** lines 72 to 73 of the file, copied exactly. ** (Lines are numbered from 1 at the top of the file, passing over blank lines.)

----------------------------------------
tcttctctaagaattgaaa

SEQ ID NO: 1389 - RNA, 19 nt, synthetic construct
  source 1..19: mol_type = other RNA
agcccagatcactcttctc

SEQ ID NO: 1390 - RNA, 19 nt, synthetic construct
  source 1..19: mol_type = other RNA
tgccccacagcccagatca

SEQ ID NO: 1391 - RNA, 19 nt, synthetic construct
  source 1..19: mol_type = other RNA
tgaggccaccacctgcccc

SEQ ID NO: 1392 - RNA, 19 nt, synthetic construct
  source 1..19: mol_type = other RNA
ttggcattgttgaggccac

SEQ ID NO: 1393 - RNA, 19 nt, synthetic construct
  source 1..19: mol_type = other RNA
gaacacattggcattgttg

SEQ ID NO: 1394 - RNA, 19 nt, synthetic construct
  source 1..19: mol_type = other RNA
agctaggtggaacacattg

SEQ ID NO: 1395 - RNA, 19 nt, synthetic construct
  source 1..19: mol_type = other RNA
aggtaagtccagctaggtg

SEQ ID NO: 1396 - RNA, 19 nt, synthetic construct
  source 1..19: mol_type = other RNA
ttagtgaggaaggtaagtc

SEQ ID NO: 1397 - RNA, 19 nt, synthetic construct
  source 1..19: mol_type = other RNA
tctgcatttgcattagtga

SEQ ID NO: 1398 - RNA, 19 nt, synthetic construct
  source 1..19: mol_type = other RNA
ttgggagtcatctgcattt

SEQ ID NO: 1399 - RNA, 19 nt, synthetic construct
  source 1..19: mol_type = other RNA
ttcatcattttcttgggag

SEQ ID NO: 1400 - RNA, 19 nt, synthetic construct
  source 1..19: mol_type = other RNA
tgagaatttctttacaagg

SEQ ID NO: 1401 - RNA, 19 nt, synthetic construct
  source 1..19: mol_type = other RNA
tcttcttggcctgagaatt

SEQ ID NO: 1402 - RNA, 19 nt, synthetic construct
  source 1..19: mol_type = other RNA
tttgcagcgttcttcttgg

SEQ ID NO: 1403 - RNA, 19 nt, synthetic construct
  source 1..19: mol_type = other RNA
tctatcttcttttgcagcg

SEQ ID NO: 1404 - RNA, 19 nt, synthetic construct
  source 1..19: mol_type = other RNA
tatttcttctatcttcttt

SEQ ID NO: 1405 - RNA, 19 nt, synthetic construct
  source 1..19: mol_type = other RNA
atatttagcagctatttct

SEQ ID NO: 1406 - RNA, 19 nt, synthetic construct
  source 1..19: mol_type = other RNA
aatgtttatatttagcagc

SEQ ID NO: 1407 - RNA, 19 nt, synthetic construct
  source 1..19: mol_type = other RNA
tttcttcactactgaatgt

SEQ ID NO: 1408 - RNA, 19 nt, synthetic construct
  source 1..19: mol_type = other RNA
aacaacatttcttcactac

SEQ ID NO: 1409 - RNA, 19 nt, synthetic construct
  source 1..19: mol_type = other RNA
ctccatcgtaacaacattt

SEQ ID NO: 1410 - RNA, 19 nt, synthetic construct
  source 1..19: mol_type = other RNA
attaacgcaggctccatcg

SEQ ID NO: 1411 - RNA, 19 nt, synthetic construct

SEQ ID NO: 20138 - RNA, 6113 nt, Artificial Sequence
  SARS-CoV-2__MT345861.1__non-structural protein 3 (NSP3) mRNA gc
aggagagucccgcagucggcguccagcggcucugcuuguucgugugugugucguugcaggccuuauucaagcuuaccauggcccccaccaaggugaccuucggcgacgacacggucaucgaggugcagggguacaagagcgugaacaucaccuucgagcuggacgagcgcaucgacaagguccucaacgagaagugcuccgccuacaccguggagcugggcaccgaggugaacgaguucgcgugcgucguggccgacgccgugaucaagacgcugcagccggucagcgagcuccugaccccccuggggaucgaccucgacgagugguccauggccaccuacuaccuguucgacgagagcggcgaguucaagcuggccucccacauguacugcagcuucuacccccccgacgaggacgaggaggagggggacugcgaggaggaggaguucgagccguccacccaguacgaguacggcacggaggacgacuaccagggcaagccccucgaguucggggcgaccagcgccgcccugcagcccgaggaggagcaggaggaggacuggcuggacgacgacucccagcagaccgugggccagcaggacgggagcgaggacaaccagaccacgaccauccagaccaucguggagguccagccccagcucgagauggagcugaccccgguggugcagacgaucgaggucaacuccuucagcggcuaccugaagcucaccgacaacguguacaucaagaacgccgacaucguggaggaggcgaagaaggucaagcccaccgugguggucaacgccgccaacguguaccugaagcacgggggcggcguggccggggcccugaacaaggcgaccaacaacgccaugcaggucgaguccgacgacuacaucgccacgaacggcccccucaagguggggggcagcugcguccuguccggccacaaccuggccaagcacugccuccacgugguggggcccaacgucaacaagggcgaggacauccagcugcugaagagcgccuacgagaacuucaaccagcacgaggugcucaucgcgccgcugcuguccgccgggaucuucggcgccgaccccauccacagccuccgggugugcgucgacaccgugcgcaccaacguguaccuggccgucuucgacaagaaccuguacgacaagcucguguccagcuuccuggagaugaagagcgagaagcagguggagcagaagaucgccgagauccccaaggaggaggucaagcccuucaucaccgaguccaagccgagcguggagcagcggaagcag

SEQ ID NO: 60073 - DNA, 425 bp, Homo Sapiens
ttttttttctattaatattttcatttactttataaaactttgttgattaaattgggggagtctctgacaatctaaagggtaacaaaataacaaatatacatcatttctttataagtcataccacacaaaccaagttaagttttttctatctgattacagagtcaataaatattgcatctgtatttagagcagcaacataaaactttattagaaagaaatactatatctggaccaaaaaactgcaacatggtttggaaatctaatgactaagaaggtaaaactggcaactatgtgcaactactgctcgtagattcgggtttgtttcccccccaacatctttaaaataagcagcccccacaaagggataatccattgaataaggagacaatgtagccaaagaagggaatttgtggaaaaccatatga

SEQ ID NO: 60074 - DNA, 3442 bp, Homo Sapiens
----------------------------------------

SEQ ID NO: 60073 - DNA, 425 bp, Homo Sapiens
ttttttttctattaatattttcatttactttataaaactttgttgattaaattgggggagtctctgacaatctaaagggtaacaaaataacaaatatacatcatttctttataagtcataccacacaaaccaagttaagttttttctatctgattacagagtcaataaatattgcatctgtatttagagcagcaacataaaactttattagaaagaaatactatatctggaccaaaaaactgcaacatggtttggaaatctaatgactaagaaggtaaaactggcaactatgtgcaactactgctcgtagattcgggtttgtttcccccccaacatctttaaaataagcagcccccacaaagggataatccattgaataaggagacaatgtagccaaagaagggaatttgtggaaaaccatatga